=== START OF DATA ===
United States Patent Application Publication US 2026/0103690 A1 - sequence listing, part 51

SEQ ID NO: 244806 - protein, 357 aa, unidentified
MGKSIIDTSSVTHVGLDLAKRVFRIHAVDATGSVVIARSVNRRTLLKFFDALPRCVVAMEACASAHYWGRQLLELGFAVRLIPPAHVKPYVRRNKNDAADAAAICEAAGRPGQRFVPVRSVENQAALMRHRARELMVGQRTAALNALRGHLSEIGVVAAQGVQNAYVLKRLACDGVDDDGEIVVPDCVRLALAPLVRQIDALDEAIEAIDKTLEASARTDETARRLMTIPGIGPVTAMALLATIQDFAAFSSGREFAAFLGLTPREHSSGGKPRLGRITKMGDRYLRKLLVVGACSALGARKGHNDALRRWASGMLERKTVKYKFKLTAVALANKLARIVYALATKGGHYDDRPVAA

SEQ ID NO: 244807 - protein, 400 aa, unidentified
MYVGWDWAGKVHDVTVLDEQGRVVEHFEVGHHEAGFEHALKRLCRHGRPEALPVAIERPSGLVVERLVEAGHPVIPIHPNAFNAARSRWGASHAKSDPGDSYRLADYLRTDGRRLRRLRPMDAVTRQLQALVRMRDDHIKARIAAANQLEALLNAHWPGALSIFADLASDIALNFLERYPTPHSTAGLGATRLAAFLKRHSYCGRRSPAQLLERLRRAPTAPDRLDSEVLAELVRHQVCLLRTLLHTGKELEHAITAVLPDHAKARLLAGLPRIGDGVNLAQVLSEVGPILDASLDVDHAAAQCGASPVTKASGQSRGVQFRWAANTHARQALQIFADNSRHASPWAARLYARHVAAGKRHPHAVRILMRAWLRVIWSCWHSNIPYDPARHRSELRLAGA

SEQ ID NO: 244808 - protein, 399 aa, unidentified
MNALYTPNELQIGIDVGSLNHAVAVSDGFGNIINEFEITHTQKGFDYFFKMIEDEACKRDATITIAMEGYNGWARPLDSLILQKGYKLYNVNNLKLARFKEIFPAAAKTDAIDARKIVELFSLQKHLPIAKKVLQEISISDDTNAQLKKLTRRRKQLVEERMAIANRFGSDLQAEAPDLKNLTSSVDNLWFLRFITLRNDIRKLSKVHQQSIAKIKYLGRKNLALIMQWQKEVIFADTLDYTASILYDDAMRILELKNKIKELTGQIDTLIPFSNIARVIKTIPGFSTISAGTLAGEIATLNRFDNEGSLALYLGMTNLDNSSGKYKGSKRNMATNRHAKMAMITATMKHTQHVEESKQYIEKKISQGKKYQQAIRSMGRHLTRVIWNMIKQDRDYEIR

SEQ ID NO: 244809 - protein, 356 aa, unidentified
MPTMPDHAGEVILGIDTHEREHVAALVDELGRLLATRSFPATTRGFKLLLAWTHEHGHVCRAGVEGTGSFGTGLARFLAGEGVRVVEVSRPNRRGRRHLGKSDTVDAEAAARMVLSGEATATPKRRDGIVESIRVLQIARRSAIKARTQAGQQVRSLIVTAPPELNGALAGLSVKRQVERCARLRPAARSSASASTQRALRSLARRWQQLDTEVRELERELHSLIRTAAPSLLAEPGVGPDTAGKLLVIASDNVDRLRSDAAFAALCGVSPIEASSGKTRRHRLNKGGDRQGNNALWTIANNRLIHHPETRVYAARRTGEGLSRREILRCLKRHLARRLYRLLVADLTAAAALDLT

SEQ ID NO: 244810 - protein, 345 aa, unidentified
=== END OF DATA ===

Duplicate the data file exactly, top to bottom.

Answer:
United States Patent Application Publication US 2026/0103690 A1 - sequence listing, part 51

SEQ ID NO: 244806 - protein, 357 aa, unidentified
MGKSIIDTSSVTHVGLDLAKRVFRIHAVDATGSVVIARSVNRRTLLKFFDALPRCVVAMEACASAHYWGRQLLELGFAVRLIPPAHVKPYVRRNKNDAADAAAICEAAGRPGQRFVPVRSVENQAALMRHRARELMVGQRTAALNALRGHLSEIGVVAAQGVQNAYVLKRLACDGVDDDGEIVVPDCVRLALAPLVRQIDALDEAIEAIDKTLEASARTDETARRLMTIPGIGPVTAMALLATIQDFAAFSSGREFAAFLGLTPREHSSGGKPRLGRITKMGDRYLRKLLVVGACSALGARKGHNDALRRWASGMLERKTVKYKFKLTAVALANKLARIVYALATKGGHYDDRPVAA

SEQ ID NO: 244807 - protein, 400 aa, unidentified
MYVGWDWAGKVHDVTVLDEQGRVVEHFEVGHHEAGFEHALKRLCRHGRPEALPVAIERPSGLVVERLVEAGHPVIPIHPNAFNAARSRWGASHAKSDPGDSYRLADYLRTDGRRLRRLRPMDAVTRQLQALVRMRDDHIKARIAAANQLEALLNAHWPGALSIFADLASDIALNFLERYPTPHSTAGLGATRLAAFLKRHSYCGRRSPAQLLERLRRAPTAPDRLDSEVLAELVRHQVCLLRTLLHTGKELEHAITAVLPDHAKARLLAGLPRIGDGVNLAQVLSEVGPILDASLDVDHAAAQCGASPVTKASGQSRGVQFRWAANTHARQALQIFADNSRHASPWAARLYARHVAAGKRHPHAVRILMRAWLRVIWSCWHSNIPYDPARHRSELRLAGA

SEQ ID NO: 244808 - protein, 399 aa, unidentified
MNALYTPNELQIGIDVGSLNHAVAVSDGFGNIINEFEITHTQKGFDYFFKMIEDEACKRDATITIAMEGYNGWARPLDSLILQKGYKLYNVNNLKLARFKEIFPAAAKTDAIDARKIVELFSLQKHLPIAKKVLQEISISDDTNAQLKKLTRRRKQLVEERMAIANRFGSDLQAEAPDLKNLTSSVDNLWFLRFITLRNDIRKLSKVHQQSIAKIKYLGRKNLALIMQWQKEVIFADTLDYTASILYDDAMRILELKNKIKELTGQIDTLIPFSNIARVIKTIPGFSTISAGTLAGEIATLNRFDNEGSLALYLGMTNLDNSSGKYKGSKRNMATNRHAKMAMITATMKHTQHVEESKQYIEKKISQGKKYQQAIRSMGRHLTRVIWNMIKQDRDYEIR

SEQ ID NO: 244809 - protein, 356 aa, unidentified
MPTMPDHAGEVILGIDTHEREHVAALVDELGRLLATRSFPATTRGFKLLLAWTHEHGHVCRAGVEGTGSFGTGLARFLAGEGVRVVEVSRPNRRGRRHLGKSDTVDAEAAARMVLSGEATATPKRRDGIVESIRVLQIARRSAIKARTQAGQQVRSLIVTAPPELNGALAGLSVKRQVERCARLRPAARSSASASTQRALRSLARRWQQLDTEVRELERELHSLIRTAAPSLLAEPGVGPDTAGKLLVIASDNVDRLRSDAAFAALCGVSPIEASSGKTRRHRLNKGGDRQGNNALWTIANNRLIHHPETRVYAARRTGEGLSRREILRCLKRHLARRLYRLLVADLTAAAALDLT

SEQ ID NO: 244810 - protein, 345 aa, unidentified